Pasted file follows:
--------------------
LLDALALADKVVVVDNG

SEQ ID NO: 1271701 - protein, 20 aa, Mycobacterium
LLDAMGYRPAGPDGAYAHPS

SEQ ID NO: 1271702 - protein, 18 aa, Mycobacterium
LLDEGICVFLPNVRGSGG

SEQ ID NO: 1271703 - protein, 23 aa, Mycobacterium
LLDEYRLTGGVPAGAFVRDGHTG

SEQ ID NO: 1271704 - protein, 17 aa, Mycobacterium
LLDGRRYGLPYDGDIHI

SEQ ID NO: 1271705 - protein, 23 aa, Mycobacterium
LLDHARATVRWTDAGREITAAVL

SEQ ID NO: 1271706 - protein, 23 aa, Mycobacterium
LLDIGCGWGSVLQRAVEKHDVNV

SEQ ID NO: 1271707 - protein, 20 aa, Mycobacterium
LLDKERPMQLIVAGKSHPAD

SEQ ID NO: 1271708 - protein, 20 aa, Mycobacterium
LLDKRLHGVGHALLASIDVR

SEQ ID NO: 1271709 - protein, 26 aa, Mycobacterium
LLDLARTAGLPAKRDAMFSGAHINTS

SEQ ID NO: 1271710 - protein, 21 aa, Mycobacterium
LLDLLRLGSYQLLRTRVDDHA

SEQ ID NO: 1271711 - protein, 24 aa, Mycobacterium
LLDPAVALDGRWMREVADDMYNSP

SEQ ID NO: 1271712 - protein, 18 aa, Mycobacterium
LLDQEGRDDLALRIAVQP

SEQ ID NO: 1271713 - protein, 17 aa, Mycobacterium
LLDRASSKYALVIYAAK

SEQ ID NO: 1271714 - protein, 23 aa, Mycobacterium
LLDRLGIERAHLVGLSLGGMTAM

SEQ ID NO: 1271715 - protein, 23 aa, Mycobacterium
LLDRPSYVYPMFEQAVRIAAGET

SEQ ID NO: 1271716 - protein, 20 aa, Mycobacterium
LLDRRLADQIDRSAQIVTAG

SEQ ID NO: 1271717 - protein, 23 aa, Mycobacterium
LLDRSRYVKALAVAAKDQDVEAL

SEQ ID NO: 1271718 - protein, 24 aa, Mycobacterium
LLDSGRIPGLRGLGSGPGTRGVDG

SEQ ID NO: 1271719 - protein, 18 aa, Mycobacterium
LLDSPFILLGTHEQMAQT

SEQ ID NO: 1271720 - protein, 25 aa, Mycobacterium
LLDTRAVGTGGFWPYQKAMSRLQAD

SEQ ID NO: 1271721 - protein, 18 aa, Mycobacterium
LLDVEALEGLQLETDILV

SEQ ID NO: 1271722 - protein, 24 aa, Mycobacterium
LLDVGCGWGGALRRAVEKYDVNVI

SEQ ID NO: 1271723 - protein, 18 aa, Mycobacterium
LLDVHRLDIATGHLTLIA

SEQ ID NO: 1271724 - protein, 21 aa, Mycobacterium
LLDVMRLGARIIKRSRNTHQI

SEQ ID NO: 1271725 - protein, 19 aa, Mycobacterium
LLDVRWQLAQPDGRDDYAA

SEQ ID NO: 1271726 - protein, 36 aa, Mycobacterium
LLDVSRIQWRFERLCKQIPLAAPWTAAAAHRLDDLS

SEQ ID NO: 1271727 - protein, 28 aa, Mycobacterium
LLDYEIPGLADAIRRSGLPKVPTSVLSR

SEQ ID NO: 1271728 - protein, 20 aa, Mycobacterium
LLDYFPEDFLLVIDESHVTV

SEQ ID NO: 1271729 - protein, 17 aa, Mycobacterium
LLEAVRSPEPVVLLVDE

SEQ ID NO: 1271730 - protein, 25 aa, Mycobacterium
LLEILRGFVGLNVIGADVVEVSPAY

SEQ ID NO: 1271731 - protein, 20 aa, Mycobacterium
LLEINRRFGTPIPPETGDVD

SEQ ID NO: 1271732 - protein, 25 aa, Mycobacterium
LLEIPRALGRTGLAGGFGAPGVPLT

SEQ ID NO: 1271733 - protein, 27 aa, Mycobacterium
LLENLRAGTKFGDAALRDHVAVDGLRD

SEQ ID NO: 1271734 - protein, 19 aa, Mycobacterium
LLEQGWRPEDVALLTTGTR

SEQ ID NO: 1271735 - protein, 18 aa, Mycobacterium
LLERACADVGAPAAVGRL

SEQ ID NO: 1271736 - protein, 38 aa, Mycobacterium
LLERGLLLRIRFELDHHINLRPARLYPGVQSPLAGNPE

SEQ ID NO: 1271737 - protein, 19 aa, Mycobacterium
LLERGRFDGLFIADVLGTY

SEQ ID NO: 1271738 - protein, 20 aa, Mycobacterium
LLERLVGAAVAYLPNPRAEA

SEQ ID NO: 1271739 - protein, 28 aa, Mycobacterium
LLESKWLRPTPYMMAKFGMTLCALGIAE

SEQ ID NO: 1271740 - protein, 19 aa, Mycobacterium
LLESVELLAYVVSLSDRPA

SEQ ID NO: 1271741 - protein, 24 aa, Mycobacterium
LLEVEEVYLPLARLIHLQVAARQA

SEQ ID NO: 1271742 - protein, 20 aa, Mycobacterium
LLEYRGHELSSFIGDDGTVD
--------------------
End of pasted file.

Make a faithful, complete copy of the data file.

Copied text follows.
LLDALALADKVVVVDNG

SEQ ID NO: 1271701 - protein, 20 aa, Mycobacterium
LLDAMGYRPAGPDGAYAHPS

SEQ ID NO: 1271702 - protein, 18 aa, Mycobacterium
LLDEGICVFLPNVRGSGG

SEQ ID NO: 1271703 - protein, 23 aa, Mycobacterium
LLDEYRLTGGVPAGAFVRDGHTG

SEQ ID NO: 1271704 - protein, 17 aa, Mycobacterium
LLDGRRYGLPYDGDIHI

SEQ ID NO: 1271705 - protein, 23 aa, Mycobacterium
LLDHARATVRWTDAGREITAAVL

SEQ ID NO: 1271706 - protein, 23 aa, Mycobacterium
LLDIGCGWGSVLQRAVEKHDVNV

SEQ ID NO: 1271707 - protein, 20 aa, Mycobacterium
LLDKERPMQLIVAGKSHPAD

SEQ ID NO: 1271708 - protein, 20 aa, Mycobacterium
LLDKRLHGVGHALLASIDVR

SEQ ID NO: 1271709 - protein, 26 aa, Mycobacterium
LLDLARTAGLPAKRDAMFSGAHINTS

SEQ ID NO: 1271710 - protein, 21 aa, Mycobacterium
LLDLLRLGSYQLLRTRVDDHA

SEQ ID NO: 1271711 - protein, 24 aa, Mycobacterium
LLDPAVALDGRWMREVADDMYNSP

SEQ ID NO: 1271712 - protein, 18 aa, Mycobacterium
LLDQEGRDDLALRIAVQP

SEQ ID NO: 1271713 - protein, 17 aa, Mycobacterium
LLDRASSKYALVIYAAK

SEQ ID NO: 1271714 - protein, 23 aa, Mycobacterium
LLDRLGIERAHLVGLSLGGMTAM

SEQ ID NO: 1271715 - protein, 23 aa, Mycobacterium
LLDRPSYVYPMFEQAVRIAAGET

SEQ ID NO: 1271716 - protein, 20 aa, Mycobacterium
LLDRRLADQIDRSAQIVTAG

SEQ ID NO: 1271717 - protein, 23 aa, Mycobacterium
LLDRSRYVKALAVAAKDQDVEAL

SEQ ID NO: 1271718 - protein, 24 aa, Mycobacterium
LLDSGRIPGLRGLGSGPGTRGVDG

SEQ ID NO: 1271719 - protein, 18 aa, Mycobacterium
LLDSPFILLGTHEQMAQT

SEQ ID NO: 1271720 - protein, 25 aa, Mycobacterium
LLDTRAVGTGGFWPYQKAMSRLQAD

SEQ ID NO: 1271721 - protein, 18 aa, Mycobacterium
LLDVEALEGLQLETDILV

SEQ ID NO: 1271722 - protein, 24 aa, Mycobacterium
LLDVGCGWGGALRRAVEKYDVNVI

SEQ ID NO: 1271723 - protein, 18 aa, Mycobacterium
LLDVHRLDIATGHLTLIA

SEQ ID NO: 1271724 - protein, 21 aa, Mycobacterium
LLDVMRLGARIIKRSRNTHQI

SEQ ID NO: 1271725 - protein, 19 aa, Mycobacterium
LLDVRWQLAQPDGRDDYAA

SEQ ID NO: 1271726 - protein, 36 aa, Mycobacterium
LLDVSRIQWRFERLCKQIPLAAPWTAAAAHRLDDLS

SEQ ID NO: 1271727 - protein, 28 aa, Mycobacterium
LLDYEIPGLADAIRRSGLPKVPTSVLSR

SEQ ID NO: 1271728 - protein, 20 aa, Mycobacterium
LLDYFPEDFLLVIDESHVTV

SEQ ID NO: 1271729 - protein, 17 aa, Mycobacterium
LLEAVRSPEPVVLLVDE

SEQ ID NO: 1271730 - protein, 25 aa, Mycobacterium
LLEILRGFVGLNVIGADVVEVSPAY

SEQ ID NO: 1271731 - protein, 20 aa, Mycobacterium
LLEINRRFGTPIPPETGDVD

SEQ ID NO: 1271732 - protein, 25 aa, Mycobacterium
LLEIPRALGRTGLAGGFGAPGVPLT

SEQ ID NO: 1271733 - protein, 27 aa, Mycobacterium
LLENLRAGTKFGDAALRDHVAVDGLRD

SEQ ID NO: 1271734 - protein, 19 aa, Mycobacterium
LLEQGWRPEDVALLTTGTR

SEQ ID NO: 1271735 - protein, 18 aa, Mycobacterium
LLERACADVGAPAAVGRL

SEQ ID NO: 1271736 - protein, 38 aa, Mycobacterium
LLERGLLLRIRFELDHHINLRPARLYPGVQSPLAGNPE

SEQ ID NO: 1271737 - protein, 19 aa, Mycobacterium
LLERGRFDGLFIADVLGTY

SEQ ID NO: 1271738 - protein, 20 aa, Mycobacterium
LLERLVGAAVAYLPNPRAEA

SEQ ID NO: 1271739 - protein, 28 aa, Mycobacterium
LLESKWLRPTPYMMAKFGMTLCALGIAE

SEQ ID NO: 1271740 - protein, 19 aa, Mycobacterium
LLESVELLAYVVSLSDRPA

SEQ ID NO: 1271741 - protein, 24 aa, Mycobacterium
LLEVEEVYLPLARLIHLQVAARQA

SEQ ID NO: 1271742 - protein, 20 aa, Mycobacterium
LLEYRGHELSSFIGDDGTVD